Politicians and environmental advocates mingled outside Epler Hall last Friday as Portland State celebrated its status as the nation’s first “salmon safe” college campus.
The certification, bestowed by Portland nonprofit Salmon Safe, represents PSU’s efforts to help salmon “spawn and thrive” by contributing clean water to the urban watershed.
“As salmon migrate through the Willamette system, the activities that Portland State is taking on will provide protection for those fish,” said Peter Paquet, a professor in the urban studies department and board member at Salmon Safe.
Salmon are meaningful to Oregonians in more ways than one, said state Sen. Ginny Burdick at Friday’s ceremony.
“Oregonians hold a reverence for salmon, it’s intrinsic to our culture,” Burdick said. “It’s everything from a religious symbol to a mark of ecological health to a nutritious and delicious treat.”
Salmon Safe started doing certification work in 1997, giving participating wineries eco-labels signifying that they produced wine in a manner that was healthful to aquatic ecosystems. Since then, Salmon Safe has gone on to investigate and certify salmon-friendly practices at farms, dairies and parks throughout Oregon, Washington, California and Idaho.
In 2005 the organization began to also certify corporate campuses, including Nike and Kettle Foods.
PSU officials met with a team of experts in salmon habitat, pest management, and storm water treatment methods when PSU decided to seek certification in November 2005. Salmon Safe’s experts recommended that the university improve its irrigation system, reduce use of synthetic fertilizers and continue its efforts towards storm water management.
The effort to meet Salmon Safe’s standards lasted about two and a half months, said Dresden Skees-Gregory, the university sustainability coordinator. “We were, partially due to budget cuts, already pretty sustainable,” she said. “We couldn’t afford to buy many toxic chemicals.”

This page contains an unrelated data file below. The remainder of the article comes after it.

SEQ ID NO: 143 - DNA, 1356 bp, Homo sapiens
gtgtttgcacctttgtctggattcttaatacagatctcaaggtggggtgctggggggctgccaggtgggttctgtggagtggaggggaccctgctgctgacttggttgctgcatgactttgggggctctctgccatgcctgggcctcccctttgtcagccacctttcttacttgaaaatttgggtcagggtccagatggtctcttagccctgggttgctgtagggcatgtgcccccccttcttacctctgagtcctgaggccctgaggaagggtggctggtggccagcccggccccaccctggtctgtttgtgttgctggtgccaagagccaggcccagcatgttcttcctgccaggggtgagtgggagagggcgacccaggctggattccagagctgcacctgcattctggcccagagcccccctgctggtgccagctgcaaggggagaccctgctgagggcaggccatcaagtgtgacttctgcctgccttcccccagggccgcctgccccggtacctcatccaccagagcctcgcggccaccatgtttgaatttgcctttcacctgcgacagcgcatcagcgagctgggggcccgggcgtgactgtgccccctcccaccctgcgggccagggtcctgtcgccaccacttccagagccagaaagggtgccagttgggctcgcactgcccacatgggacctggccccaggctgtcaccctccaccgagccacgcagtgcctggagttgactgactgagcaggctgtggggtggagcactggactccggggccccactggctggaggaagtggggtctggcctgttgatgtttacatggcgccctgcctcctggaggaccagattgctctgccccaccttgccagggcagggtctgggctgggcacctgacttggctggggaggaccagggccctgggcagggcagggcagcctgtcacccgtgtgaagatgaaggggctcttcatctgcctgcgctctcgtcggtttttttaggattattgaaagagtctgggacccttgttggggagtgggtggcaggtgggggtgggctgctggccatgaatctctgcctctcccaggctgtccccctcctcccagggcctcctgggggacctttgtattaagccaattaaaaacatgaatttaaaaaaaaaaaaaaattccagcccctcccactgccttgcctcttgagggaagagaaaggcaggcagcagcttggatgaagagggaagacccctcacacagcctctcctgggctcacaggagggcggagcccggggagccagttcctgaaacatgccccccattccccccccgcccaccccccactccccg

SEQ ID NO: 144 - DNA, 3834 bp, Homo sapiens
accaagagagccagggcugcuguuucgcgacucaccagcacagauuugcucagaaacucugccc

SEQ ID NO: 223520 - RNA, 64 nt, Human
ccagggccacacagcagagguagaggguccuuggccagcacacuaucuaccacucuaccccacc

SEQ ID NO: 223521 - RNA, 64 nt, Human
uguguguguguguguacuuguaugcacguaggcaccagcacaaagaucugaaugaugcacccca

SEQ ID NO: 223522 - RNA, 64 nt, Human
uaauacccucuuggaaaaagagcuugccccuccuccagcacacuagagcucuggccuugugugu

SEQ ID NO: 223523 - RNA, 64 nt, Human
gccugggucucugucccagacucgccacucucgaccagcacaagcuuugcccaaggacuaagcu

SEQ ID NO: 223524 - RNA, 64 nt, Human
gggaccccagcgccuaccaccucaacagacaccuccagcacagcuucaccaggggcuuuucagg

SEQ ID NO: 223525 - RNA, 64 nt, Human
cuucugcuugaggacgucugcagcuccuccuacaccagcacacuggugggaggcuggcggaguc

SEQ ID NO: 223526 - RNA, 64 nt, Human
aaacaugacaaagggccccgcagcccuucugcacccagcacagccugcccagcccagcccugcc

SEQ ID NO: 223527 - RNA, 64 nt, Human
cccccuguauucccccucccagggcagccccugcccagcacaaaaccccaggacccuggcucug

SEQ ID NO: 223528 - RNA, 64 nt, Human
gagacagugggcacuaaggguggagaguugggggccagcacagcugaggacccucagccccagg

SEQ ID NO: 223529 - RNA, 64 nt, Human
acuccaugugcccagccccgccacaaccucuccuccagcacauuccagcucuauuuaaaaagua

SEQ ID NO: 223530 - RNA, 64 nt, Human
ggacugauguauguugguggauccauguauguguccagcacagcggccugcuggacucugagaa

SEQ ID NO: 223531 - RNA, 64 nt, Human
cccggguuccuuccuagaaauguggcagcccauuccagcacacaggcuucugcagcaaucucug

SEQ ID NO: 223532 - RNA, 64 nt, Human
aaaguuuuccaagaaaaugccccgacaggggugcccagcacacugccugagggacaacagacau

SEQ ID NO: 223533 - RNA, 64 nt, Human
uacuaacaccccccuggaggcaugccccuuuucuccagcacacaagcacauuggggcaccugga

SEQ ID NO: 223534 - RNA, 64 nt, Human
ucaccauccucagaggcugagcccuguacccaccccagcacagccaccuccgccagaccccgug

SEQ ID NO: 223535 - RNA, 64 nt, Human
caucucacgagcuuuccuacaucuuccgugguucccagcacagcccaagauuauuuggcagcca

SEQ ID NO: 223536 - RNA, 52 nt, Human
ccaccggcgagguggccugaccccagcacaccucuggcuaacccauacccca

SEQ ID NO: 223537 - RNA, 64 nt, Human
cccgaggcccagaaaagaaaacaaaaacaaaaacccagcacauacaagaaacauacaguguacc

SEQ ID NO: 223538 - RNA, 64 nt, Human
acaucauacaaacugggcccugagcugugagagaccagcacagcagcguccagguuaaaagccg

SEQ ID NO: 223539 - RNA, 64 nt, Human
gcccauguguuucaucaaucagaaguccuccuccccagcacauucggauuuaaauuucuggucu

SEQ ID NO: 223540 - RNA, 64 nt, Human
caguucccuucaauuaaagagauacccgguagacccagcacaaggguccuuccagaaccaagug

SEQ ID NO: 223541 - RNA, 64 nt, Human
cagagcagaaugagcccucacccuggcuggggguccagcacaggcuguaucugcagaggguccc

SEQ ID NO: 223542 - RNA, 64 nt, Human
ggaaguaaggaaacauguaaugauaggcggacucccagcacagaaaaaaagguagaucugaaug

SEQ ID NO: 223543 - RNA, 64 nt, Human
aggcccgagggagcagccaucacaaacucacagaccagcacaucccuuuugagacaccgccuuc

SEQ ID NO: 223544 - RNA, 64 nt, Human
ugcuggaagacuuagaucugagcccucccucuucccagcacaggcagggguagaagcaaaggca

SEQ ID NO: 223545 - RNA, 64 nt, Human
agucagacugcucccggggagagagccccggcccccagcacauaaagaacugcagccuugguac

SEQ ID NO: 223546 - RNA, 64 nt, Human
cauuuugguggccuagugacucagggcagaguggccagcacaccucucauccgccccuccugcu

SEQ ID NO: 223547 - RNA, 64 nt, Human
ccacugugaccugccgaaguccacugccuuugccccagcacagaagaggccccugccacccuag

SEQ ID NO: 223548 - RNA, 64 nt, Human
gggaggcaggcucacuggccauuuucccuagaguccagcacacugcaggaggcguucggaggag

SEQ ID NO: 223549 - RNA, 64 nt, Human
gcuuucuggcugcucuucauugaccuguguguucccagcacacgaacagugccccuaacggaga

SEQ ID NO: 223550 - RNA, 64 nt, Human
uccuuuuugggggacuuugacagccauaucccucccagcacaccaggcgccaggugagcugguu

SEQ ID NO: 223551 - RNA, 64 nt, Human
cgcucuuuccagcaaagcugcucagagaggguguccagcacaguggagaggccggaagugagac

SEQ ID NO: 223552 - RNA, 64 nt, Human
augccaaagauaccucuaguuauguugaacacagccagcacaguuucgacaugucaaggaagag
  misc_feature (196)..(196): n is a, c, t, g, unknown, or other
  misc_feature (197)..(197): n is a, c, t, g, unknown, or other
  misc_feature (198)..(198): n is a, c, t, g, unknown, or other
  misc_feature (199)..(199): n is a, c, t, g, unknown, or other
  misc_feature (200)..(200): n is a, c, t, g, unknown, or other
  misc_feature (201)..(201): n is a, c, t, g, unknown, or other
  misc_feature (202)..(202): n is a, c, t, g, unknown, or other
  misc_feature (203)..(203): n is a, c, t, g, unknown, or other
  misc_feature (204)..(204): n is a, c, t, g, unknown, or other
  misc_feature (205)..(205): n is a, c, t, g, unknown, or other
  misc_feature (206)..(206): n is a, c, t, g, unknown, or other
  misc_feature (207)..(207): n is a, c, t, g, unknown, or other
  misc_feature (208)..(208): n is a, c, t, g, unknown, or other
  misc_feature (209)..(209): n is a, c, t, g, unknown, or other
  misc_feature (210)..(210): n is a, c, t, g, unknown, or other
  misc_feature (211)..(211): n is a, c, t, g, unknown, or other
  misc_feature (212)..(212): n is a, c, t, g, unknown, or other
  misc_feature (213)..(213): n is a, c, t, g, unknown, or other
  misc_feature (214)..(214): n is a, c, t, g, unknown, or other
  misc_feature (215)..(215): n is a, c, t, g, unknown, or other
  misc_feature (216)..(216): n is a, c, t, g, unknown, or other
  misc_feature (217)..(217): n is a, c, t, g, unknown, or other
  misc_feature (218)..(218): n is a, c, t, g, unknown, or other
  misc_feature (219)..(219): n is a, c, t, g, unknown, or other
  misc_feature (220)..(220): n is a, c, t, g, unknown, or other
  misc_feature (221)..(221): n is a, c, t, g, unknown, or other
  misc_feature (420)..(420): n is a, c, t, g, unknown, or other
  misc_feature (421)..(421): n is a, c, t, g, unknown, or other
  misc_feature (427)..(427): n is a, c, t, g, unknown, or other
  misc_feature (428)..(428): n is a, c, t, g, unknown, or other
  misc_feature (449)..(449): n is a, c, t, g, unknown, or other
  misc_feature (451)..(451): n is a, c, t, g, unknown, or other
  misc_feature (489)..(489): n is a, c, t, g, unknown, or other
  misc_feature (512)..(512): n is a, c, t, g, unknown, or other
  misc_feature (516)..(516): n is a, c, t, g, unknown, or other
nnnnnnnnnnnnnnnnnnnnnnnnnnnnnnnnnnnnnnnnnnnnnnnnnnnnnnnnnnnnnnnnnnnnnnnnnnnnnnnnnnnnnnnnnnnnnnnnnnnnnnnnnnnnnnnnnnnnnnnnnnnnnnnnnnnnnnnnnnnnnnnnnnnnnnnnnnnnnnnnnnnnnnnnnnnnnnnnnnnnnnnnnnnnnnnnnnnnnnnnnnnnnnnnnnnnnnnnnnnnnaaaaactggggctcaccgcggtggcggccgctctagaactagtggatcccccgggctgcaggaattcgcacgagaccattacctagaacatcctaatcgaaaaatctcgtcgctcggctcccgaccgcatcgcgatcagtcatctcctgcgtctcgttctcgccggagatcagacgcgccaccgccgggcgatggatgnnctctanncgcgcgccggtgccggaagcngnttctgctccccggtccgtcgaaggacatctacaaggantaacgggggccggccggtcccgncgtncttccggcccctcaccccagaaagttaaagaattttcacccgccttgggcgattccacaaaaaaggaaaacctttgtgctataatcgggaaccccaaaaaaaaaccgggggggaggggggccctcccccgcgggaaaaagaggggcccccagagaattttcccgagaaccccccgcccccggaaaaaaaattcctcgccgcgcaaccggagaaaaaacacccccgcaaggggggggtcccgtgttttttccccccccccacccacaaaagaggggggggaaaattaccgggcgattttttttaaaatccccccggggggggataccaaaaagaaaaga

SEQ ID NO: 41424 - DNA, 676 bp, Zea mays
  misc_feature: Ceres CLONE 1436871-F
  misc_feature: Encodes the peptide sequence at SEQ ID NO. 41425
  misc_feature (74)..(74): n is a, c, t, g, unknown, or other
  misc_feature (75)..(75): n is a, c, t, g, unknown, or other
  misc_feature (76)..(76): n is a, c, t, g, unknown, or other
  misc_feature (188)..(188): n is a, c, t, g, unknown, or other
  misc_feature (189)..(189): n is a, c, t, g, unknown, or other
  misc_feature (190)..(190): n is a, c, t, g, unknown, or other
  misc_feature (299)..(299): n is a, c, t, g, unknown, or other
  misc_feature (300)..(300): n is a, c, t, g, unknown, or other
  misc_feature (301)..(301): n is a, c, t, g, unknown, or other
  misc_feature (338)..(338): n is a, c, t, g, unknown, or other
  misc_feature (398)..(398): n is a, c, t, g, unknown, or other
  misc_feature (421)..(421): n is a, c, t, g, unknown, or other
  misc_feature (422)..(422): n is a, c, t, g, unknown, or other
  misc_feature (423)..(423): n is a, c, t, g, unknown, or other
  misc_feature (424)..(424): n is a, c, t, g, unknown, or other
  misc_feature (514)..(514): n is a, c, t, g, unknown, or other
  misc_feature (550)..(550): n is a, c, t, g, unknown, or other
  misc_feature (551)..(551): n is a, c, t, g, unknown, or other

Prior to seeking a Salmon Safe certificate, PSU had already embarked on innovative storm water management programs, including the 18,000 square foot Broadway Building eco-roof. The four-inch-deep roof garden reduces Broadway’s water discharge by 28 percent, said David Ervin, the coordinator of PSU’s academic sustainability programs.
Another acclaimed storm water program at PSU is the storm water recycling system at Epler Hall. The system gathers rainfall from the rooftops of Epler and the King Arthur housing building, directs it through “chunnels” into planters bearing native species, then treats the rainwater with UV rays before reusing it to flush first-floor toilets in Epler Hall.
PSU had also already sought ways to reduce on-campus irrigation, such as the placement of native plant species in the campus landscape and the creation of the Stott Center Community Recreation Field, which is composed of recycled Nike shoes instead of grass.
The Salmon Safe initiative is only part of PSU’s greater efforts towards sustainability, Skees-Gregory said. Other sustainability projects include the university’s commitment to “green building” and initiatives to switch the school to 100 percent renewable energy use.
“We have a national and international reputation for sustainability,” said Ervin. “People come from all over the world to see what we’re doing.”
Many hope that PSU’s status as “first salmon-safe university” will spur initiative on the part of other schools and corporate campuses.
“Now I can challenge others – if a 47 acre campus with 79 percent impervious surfaces can become certified, anybody can,” Burdick said at Friday’s ceremony.
Impervious surfaces – such as parking lots, roofs and roads – are a hazard to salmon because runoff from these surfaces frequently washes pollutants into aquatic ecosystems.
Ann Richardson, a representative from U.S. Congressman David Wu’s office, said, “If PSU can do it, they can do it in Nebraska.”